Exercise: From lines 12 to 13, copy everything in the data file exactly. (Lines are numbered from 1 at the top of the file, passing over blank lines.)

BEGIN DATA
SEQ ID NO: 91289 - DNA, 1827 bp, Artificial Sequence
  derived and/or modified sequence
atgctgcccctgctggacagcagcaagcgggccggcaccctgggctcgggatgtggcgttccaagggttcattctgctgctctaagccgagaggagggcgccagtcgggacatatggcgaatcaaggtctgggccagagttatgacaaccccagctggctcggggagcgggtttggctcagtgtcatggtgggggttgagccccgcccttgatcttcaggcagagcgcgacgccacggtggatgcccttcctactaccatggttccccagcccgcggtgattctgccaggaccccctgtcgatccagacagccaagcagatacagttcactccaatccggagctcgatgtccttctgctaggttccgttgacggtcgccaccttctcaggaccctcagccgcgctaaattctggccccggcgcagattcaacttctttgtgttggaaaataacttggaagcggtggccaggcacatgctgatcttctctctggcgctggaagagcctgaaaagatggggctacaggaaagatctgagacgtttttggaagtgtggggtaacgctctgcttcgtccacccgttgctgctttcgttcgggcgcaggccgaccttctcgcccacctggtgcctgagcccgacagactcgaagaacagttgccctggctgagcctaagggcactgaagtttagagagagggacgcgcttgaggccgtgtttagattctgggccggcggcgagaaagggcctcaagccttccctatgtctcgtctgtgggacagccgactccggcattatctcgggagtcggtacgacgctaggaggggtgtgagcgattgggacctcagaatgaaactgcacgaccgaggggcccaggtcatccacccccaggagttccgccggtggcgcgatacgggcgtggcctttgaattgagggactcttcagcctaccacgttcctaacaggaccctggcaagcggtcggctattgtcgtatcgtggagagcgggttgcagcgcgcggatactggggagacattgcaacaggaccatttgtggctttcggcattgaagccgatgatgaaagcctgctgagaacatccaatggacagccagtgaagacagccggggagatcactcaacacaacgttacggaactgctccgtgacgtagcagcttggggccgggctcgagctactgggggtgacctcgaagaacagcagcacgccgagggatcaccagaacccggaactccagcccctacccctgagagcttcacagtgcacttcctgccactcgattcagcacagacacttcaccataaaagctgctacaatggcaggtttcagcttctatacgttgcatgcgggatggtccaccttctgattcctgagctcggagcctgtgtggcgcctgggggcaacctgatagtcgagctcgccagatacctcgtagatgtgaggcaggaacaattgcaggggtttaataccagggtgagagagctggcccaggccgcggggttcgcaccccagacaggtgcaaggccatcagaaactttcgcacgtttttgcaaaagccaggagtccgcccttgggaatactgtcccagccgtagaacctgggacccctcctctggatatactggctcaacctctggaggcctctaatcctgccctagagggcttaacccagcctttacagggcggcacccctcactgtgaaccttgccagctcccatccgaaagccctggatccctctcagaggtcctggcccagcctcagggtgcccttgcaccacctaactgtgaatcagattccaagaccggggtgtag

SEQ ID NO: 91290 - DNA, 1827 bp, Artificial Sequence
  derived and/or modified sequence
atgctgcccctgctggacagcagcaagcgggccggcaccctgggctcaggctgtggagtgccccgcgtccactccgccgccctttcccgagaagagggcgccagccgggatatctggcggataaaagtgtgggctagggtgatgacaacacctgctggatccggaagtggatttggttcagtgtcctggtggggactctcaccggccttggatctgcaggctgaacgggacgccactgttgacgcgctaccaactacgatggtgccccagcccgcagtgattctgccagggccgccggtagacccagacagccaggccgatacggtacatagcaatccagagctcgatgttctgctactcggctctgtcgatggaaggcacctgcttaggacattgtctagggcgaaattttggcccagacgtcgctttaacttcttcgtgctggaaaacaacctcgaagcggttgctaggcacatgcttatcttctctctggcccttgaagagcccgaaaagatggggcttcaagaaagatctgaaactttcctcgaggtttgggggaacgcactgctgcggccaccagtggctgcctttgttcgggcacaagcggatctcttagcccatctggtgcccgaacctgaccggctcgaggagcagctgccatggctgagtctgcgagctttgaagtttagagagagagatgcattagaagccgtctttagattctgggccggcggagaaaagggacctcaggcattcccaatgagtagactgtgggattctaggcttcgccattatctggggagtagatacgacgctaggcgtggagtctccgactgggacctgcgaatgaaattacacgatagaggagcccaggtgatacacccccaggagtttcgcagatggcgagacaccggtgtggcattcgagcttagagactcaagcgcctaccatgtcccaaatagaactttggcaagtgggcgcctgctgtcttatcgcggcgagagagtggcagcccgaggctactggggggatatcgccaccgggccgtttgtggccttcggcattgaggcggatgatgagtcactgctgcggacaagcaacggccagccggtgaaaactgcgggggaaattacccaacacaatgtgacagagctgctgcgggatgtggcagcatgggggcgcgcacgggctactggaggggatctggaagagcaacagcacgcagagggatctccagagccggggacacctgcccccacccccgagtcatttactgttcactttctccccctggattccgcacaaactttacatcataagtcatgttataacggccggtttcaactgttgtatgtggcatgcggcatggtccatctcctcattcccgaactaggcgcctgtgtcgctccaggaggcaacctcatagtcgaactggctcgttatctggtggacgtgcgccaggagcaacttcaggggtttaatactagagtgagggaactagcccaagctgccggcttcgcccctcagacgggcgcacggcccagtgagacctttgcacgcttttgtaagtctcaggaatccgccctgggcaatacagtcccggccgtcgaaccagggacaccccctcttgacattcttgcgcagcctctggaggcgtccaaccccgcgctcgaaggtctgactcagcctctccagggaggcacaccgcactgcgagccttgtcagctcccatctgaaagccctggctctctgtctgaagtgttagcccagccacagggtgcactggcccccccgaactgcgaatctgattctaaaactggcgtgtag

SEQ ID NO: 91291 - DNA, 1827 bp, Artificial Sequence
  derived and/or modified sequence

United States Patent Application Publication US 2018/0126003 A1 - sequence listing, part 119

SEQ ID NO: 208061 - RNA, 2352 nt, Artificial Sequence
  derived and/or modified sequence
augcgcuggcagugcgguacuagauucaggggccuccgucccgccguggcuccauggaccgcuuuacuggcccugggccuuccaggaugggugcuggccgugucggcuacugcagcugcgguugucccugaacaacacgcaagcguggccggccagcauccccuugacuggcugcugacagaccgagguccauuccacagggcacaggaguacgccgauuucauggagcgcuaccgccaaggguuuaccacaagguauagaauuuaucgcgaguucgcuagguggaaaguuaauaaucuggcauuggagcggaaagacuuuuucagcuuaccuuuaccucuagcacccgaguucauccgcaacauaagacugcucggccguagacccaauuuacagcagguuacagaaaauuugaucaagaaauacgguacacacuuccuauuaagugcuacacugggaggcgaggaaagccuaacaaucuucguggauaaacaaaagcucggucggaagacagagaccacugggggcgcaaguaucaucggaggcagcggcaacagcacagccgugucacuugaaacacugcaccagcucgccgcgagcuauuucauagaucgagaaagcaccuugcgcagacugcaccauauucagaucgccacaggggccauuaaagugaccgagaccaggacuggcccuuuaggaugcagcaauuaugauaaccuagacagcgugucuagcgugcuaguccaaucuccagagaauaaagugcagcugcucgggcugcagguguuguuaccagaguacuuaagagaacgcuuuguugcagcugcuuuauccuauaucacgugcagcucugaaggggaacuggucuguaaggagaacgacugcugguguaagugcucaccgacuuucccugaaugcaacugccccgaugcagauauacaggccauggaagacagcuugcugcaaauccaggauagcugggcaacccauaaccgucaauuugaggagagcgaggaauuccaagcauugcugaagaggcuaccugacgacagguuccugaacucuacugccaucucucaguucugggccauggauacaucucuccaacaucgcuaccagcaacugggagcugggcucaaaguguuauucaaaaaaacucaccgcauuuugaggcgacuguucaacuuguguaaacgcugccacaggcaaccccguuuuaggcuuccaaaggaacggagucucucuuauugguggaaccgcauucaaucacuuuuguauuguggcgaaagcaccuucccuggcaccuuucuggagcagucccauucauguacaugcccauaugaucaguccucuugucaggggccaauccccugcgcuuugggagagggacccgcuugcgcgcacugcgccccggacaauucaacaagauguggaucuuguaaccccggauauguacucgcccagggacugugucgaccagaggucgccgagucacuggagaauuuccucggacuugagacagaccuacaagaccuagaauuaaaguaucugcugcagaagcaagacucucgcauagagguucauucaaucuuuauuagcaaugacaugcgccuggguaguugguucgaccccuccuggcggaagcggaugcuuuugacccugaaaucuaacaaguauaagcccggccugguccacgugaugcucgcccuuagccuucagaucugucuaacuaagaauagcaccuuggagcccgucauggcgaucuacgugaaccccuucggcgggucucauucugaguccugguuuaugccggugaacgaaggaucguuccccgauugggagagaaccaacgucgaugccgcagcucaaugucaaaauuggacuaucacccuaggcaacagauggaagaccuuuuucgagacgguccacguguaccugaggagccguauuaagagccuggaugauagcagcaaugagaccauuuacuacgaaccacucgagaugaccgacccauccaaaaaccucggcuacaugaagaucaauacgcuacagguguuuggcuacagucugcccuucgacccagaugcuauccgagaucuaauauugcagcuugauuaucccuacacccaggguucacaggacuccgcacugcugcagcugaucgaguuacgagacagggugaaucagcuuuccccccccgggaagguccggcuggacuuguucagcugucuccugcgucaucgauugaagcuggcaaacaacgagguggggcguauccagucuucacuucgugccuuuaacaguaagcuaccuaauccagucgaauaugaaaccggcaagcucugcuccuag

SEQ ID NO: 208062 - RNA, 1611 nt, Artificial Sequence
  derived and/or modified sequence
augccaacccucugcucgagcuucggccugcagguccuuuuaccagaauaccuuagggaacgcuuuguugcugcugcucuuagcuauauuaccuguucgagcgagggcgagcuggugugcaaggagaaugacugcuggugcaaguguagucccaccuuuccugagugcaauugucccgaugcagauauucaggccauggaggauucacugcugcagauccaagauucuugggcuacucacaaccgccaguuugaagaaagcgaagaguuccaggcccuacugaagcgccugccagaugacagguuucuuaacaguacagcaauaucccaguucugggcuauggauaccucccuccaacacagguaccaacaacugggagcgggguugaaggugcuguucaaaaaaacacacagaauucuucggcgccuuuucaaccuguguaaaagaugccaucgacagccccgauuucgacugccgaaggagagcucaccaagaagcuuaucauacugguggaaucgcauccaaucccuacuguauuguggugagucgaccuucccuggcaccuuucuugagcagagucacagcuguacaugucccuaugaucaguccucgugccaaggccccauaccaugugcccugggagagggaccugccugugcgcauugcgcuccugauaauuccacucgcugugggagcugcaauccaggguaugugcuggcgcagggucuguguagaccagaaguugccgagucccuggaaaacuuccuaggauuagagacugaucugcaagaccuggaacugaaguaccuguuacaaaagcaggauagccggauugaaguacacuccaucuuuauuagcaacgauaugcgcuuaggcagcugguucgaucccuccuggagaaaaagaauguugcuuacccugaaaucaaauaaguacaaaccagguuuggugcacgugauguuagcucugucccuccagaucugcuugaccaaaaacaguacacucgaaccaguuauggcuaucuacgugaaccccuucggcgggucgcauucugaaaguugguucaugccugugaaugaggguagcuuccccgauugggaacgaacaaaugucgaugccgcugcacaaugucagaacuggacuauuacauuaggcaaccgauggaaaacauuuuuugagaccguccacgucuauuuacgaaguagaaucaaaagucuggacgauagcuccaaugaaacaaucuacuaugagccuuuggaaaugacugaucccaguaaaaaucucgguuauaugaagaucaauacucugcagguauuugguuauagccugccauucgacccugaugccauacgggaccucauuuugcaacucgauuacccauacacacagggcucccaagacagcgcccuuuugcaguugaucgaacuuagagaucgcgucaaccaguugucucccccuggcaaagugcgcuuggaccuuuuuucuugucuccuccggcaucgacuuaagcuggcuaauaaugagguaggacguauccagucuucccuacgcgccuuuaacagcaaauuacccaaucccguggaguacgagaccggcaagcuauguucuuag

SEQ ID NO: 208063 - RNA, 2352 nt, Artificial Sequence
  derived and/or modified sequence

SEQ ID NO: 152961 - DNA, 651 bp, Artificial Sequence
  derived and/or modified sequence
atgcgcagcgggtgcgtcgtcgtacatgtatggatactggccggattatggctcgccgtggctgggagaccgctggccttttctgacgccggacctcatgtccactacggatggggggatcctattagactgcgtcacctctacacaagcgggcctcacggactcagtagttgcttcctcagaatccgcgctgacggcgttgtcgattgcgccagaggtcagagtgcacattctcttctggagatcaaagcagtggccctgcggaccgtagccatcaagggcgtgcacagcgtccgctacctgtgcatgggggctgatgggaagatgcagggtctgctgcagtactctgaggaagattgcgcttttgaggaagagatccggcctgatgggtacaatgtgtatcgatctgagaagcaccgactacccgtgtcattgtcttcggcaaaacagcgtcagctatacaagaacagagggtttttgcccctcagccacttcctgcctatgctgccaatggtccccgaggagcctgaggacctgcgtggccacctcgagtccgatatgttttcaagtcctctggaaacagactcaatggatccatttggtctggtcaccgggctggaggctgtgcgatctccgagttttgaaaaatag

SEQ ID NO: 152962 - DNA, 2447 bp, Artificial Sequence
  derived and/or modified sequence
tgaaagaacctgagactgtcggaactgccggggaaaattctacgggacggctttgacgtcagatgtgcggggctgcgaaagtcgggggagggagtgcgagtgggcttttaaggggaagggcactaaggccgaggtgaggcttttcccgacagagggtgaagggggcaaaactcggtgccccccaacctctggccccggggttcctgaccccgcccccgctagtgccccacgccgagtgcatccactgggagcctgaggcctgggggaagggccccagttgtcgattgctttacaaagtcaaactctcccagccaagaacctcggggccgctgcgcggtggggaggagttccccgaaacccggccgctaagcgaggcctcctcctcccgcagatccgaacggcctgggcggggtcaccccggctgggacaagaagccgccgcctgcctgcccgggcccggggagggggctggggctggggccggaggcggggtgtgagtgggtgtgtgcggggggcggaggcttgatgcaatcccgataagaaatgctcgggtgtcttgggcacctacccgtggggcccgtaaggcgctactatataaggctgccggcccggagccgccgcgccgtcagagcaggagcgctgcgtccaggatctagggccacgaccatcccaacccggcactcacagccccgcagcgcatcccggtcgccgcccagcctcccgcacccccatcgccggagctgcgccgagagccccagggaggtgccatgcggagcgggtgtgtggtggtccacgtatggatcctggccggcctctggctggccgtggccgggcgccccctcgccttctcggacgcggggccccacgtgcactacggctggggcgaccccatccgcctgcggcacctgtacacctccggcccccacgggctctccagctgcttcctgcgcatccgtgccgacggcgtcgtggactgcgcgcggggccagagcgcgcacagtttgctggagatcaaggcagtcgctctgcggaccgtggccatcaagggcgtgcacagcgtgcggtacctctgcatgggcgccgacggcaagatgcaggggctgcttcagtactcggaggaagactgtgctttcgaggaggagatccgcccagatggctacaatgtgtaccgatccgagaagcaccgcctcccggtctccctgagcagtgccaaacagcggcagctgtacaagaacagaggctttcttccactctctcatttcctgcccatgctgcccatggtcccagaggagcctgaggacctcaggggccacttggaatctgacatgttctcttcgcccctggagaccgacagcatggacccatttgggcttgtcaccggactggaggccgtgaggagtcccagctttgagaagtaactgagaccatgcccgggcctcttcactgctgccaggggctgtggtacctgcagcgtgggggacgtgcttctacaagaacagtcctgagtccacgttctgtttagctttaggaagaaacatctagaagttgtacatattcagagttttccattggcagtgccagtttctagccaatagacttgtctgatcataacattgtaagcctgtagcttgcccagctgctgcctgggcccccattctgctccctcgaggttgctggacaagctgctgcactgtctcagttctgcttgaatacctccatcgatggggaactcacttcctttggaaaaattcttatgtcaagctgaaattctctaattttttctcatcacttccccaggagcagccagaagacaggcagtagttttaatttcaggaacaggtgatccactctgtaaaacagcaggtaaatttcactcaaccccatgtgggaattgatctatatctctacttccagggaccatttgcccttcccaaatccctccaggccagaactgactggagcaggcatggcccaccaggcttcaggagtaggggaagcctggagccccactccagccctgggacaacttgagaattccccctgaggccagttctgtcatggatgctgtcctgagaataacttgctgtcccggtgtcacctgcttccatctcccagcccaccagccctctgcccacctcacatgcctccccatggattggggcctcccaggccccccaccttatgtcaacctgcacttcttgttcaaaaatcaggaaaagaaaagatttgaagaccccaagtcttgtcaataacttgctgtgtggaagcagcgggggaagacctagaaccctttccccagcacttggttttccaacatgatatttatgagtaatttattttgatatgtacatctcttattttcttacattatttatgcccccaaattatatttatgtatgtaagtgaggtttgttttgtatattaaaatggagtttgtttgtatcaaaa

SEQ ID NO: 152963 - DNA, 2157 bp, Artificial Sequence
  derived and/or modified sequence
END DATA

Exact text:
augcgcuggcagugcgguacuagauucaggggccuccgucccgccguggcuccauggaccgcuuuacuggcccugggccuuccaggaugggugcuggccgugucggcuacugcagcugcgguugucccugaacaacacgcaagcguggccggccagcauccccuugacuggcugcugacagaccgagguccauuccacagggcacaggaguacgccgauuucauggagcgcuaccgccaaggguuuaccacaagguauagaauuuaucgcgaguucgcuagguggaaaguuaauaaucuggcauuggagcggaaagacuuuuucagcuuaccuuuaccucuagcacccgaguucauccgcaacauaagacugcucggccguagacccaauuuacagcagguuacagaaaauuugaucaagaaauacgguacacacuuccuauuaagugcuacacugggaggcgaggaaagccuaacaaucuucguggauaaacaaaagcucggucggaagacagagaccacugggggcgcaaguaucaucggaggcagcggcaacagcacagccgugucacuugaaacacugcaccagcucgccgcgagcuauuucauagaucgagaaagcaccuugcgcagacugcaccauauucagaucgccacaggggccauuaaagugaccgagaccaggacuggcccuuuaggaugcagcaauuaugauaaccuagacagcgugucuagcgugcuaguccaaucuccagagaauaaagugcagcugcucgggcugcagguguuguuaccagaguacuuaagagaacgcuuuguugcagcugcuuuauccuauaucacgugcagcucugaaggggaacuggucuguaaggagaacgacugcugguguaagugcucaccgacuuucccugaaugcaacugccccgaugcagauauacaggccauggaagacagcuugcugcaaauccaggauagcugggcaacccauaaccgucaauuugaggagagcgaggaauuccaagcauugcugaagaggcuaccugacgacagguuccugaacucuacugccaucucucaguucugggccauggauacaucucuccaacaucgcuaccagcaacugggagcugggcucaaaguguuauucaaaaaaacucaccgcauuuugaggcgacuguucaacuuguguaaacgcugccacaggcaaccccguuuuaggcuuccaaaggaacggagucucucuuauugguggaaccgcauucaaucacuuuuguauuguggcgaaagcaccuucccuggcaccuuucuggagcagucccauucauguacaugcccauaugaucaguccucuugucaggggccaauccccugcgcuuugggagagggacccgcuugcgcgcacugcgccccggacaauucaacaagauguggaucuuguaaccccggauauguacucgcccagggacugugucgaccagaggucgccgagucacuggagaauuuccucggacuugagacagaccuacaagaccuagaauuaaaguaucugcugcagaagcaagacucucgcauagagguucauucaaucuuuauuagcaaugacaugcgccuggguaguugguucgaccccuccuggcggaagcggaugcuuuugacccugaaaucuaacaaguauaagcccggccugguccacgugaugcucgcccuuagccuucagaucugucuaacuaagaauagcaccuuggagcccgucauggcgaucuacgugaaccccuucggcgggucucauucugaguccugguuuaugccggugaacgaaggaucguuccccgauugggagagaaccaacgucgaugccgcagcucaaugucaaaauuggacuaucacccuaggcaacagauggaagaccuuuuucgagacgguccacguguaccugaggagccguauuaagagccuggaugauagcagcaaugagaccauuuacuacgaaccacucgagaugaccgacccauccaaaaaccucggcuacaugaagaucaauacgcuacagguguuuggcuacagucugcccuucgacccagaugcuauccgagaucuaauauugcagcuugauuaucccuacacccaggguucacaggacuccgcacugcugcagcugaucgaguuacgagacagggugaaucagcuuuccccccccgggaagguccggcuggacuuguucagcugucuccugcgucaucgauugaagcuggcaaacaacgagguggggcguauccagucuucacuucgugccuuuaacaguaagcuaccuaauccagucgaauaugaaaccggcaagcucugcuccuag

SEQ ID NO: 208062 - RNA, 1611 nt, Artificial Sequence